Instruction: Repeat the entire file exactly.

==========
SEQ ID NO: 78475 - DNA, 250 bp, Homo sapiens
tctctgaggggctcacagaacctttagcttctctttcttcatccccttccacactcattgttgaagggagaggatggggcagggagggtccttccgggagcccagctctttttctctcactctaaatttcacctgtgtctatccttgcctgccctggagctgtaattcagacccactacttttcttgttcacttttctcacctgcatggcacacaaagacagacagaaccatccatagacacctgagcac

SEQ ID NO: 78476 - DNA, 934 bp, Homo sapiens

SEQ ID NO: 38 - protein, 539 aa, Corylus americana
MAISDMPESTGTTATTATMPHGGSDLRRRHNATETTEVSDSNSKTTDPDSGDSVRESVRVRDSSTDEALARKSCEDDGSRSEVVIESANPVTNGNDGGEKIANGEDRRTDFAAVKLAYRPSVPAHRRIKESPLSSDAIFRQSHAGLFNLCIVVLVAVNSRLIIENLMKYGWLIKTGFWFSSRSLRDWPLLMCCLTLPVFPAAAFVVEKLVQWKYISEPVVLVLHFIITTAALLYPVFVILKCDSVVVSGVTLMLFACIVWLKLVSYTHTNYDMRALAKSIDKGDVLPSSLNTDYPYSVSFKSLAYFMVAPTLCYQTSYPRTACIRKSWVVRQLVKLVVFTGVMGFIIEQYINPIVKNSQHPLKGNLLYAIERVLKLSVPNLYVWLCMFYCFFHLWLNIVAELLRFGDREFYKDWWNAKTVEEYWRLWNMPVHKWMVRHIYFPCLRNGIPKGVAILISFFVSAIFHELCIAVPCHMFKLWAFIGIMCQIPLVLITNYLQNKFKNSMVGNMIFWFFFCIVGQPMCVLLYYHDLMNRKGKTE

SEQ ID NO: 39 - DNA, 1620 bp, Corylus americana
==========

SEQ ID NO: 78475 - DNA, 250 bp, Homo sapiens
tctctgaggggctcacagaacctttagcttctctttcttcatccccttccacactcattgttgaagggagaggatggggcagggagggtccttccgggagcccagctctttttctctcactctaaatttcacctgtgtctatccttgcctgccctggagctgtaattcagacccactacttttcttgttcacttttctcacctgcatggcacacaaagacagacagaaccatccatagacacctgagcac

SEQ ID NO: 78476 - DNA, 934 bp, Homo sapiens

SEQ ID NO: 38 - protein, 539 aa, Corylus americana
MAISDMPESTGTTATTATMPHGGSDLRRRHNATETTEVSDSNSKTTDPDSGDSVRESVRVRDSSTDEALARKSCEDDGSRSEVVIESANPVTNGNDGGEKIANGEDRRTDFAAVKLAYRPSVPAHRRIKESPLSSDAIFRQSHAGLFNLCIVVLVAVNSRLIIENLMKYGWLIKTGFWFSSRSLRDWPLLMCCLTLPVFPAAAFVVEKLVQWKYISEPVVLVLHFIITTAALLYPVFVILKCDSVVVSGVTLMLFACIVWLKLVSYTHTNYDMRALAKSIDKGDVLPSSLNTDYPYSVSFKSLAYFMVAPTLCYQTSYPRTACIRKSWVVRQLVKLVVFTGVMGFIIEQYINPIVKNSQHPLKGNLLYAIERVLKLSVPNLYVWLCMFYCFFHLWLNIVAELLRFGDREFYKDWWNAKTVEEYWRLWNMPVHKWMVRHIYFPCLRNGIPKGVAILISFFVSAIFHELCIAVPCHMFKLWAFIGIMCQIPLVLITNYLQNKFKNSMVGNMIFWFFFCIVGQPMCVLLYYHDLMNRKGKTE

SEQ ID NO: 39 - DNA, 1620 bp, Corylus americana